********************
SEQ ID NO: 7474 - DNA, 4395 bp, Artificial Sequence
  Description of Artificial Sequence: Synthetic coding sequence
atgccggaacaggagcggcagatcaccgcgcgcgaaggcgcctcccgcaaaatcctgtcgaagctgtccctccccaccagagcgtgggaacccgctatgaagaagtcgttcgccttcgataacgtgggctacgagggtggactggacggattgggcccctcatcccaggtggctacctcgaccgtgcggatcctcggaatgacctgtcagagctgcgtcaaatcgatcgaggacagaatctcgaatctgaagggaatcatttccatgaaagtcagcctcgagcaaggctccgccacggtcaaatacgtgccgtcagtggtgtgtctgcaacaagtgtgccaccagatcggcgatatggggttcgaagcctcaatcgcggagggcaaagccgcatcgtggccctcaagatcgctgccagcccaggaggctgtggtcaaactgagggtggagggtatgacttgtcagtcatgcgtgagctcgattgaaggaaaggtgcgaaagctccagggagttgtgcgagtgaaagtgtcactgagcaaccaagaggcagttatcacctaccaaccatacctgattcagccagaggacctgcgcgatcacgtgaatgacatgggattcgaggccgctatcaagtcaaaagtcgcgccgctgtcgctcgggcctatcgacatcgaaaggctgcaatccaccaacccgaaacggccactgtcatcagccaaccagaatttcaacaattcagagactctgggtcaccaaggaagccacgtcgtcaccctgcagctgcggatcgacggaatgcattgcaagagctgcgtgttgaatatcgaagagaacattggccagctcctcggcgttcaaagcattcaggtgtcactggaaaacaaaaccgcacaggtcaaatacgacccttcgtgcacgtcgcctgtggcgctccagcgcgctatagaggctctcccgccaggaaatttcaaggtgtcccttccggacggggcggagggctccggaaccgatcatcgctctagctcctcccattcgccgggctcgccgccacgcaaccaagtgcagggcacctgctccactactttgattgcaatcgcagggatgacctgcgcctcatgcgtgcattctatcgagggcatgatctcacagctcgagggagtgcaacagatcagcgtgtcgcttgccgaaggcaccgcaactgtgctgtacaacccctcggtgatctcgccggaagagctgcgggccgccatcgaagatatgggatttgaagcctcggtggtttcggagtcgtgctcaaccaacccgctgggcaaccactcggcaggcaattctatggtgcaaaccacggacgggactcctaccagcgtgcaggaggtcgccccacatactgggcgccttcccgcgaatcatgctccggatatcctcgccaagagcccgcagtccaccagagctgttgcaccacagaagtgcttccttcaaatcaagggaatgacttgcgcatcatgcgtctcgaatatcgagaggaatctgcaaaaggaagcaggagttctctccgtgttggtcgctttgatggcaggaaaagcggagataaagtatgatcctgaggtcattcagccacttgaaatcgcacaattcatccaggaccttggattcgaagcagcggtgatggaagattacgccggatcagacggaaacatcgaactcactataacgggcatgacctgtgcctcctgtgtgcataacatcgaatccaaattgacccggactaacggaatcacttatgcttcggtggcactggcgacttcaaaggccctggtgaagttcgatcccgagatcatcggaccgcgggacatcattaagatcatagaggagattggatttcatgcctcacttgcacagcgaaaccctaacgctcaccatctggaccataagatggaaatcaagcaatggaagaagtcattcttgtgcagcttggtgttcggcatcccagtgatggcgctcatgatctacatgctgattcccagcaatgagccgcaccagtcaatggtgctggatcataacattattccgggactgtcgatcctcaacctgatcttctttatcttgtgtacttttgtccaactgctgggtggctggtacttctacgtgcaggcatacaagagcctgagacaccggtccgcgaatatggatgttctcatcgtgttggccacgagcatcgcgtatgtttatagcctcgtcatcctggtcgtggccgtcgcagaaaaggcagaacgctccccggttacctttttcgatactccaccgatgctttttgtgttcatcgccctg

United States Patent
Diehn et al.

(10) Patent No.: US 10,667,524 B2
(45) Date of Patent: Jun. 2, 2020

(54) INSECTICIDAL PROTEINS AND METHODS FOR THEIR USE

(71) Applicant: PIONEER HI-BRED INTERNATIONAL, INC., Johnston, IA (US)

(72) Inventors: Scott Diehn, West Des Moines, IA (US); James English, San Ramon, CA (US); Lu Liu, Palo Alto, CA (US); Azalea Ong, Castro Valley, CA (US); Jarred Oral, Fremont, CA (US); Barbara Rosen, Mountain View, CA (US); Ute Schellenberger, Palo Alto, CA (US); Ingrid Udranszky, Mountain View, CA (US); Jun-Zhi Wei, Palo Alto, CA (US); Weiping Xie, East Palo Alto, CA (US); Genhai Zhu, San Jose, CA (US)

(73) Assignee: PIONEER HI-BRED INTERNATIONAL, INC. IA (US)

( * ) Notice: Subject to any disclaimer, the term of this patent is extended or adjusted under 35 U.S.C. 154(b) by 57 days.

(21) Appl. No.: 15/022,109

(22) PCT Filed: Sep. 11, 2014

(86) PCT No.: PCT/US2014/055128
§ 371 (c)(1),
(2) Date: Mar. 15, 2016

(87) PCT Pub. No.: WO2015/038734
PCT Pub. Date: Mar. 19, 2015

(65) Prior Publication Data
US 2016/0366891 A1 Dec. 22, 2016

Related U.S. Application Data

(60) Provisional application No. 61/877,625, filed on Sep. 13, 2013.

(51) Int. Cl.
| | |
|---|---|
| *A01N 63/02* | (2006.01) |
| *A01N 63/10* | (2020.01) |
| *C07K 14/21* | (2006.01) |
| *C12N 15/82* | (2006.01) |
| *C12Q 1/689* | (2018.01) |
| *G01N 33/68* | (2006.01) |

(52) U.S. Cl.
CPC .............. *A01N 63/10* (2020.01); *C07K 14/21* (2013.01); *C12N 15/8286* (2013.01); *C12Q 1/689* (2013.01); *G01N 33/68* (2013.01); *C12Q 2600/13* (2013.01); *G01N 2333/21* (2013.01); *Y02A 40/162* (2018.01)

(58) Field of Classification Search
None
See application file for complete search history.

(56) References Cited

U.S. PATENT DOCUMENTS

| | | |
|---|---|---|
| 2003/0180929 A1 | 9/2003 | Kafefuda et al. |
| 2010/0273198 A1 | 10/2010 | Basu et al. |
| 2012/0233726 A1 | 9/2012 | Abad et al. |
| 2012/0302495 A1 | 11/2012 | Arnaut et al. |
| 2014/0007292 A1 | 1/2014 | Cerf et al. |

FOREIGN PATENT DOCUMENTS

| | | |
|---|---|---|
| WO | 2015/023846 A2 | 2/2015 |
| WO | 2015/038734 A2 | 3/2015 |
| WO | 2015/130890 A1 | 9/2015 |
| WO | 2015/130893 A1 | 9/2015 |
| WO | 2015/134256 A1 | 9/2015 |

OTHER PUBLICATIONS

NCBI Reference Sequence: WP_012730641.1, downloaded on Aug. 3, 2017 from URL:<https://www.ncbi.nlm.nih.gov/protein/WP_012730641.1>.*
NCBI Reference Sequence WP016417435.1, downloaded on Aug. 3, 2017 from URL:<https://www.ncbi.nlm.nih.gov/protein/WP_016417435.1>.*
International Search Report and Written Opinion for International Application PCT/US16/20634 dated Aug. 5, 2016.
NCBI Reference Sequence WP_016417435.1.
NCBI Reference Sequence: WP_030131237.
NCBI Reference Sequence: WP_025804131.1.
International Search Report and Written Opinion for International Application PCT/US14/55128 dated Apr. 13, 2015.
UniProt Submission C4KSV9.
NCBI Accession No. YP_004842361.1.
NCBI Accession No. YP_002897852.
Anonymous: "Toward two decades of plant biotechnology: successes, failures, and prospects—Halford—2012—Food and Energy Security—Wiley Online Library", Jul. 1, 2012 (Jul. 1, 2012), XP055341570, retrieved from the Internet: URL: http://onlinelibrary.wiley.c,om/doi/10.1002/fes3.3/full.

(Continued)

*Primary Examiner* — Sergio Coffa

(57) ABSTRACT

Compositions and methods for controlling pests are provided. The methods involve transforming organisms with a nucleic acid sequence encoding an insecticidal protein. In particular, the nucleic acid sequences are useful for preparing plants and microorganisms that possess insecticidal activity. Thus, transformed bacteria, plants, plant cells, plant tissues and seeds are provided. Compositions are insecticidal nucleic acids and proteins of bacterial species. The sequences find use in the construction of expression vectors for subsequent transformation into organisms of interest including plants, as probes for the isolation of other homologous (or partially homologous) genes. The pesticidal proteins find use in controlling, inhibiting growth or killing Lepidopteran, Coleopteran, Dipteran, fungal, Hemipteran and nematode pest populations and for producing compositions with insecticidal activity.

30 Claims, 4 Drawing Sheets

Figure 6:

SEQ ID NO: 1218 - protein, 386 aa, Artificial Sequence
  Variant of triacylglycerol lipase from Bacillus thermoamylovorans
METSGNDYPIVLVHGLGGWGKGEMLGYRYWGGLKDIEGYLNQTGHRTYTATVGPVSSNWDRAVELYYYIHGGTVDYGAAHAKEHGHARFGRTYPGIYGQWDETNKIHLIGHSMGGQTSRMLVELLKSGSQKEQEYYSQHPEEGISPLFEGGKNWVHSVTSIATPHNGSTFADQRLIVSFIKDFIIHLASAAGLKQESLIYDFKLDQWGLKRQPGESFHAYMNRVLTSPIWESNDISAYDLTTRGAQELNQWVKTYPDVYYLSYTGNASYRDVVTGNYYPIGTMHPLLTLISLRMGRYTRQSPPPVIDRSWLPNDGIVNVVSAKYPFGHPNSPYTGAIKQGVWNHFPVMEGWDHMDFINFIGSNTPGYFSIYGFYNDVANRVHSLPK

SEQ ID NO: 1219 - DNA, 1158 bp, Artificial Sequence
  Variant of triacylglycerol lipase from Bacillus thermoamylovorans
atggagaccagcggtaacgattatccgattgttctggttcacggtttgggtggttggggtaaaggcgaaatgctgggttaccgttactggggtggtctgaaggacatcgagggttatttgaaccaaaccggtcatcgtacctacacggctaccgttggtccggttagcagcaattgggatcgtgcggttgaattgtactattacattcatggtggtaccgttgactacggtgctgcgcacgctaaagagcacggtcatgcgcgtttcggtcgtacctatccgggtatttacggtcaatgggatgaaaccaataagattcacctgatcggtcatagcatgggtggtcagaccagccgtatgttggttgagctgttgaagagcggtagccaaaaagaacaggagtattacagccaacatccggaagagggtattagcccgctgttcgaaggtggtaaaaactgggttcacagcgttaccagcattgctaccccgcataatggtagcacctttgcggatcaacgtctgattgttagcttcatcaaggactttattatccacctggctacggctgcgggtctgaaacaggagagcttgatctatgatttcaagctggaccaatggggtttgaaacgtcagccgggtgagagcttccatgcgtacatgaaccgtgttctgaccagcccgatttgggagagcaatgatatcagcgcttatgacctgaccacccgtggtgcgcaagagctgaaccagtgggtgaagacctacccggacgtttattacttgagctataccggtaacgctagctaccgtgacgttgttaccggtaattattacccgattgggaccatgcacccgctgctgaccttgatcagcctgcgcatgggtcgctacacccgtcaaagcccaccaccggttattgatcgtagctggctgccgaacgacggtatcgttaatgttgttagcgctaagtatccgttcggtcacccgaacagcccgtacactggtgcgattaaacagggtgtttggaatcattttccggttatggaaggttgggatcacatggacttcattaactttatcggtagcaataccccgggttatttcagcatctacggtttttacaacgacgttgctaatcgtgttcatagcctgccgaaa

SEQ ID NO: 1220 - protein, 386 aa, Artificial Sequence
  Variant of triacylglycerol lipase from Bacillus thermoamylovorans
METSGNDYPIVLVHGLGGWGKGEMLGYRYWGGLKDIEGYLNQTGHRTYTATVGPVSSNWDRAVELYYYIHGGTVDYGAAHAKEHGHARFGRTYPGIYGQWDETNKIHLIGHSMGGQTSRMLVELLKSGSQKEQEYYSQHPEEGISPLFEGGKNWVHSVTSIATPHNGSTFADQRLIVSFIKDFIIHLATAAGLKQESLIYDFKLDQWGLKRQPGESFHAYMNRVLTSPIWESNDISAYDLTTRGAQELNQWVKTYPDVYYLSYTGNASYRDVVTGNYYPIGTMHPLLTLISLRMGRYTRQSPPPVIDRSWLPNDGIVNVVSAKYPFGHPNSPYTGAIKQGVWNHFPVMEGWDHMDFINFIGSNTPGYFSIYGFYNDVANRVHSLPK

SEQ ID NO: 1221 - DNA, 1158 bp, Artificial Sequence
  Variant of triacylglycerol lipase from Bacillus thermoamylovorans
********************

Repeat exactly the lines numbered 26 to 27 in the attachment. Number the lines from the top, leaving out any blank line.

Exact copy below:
|---|---|
| *A01N 63/02* | (2006.01) |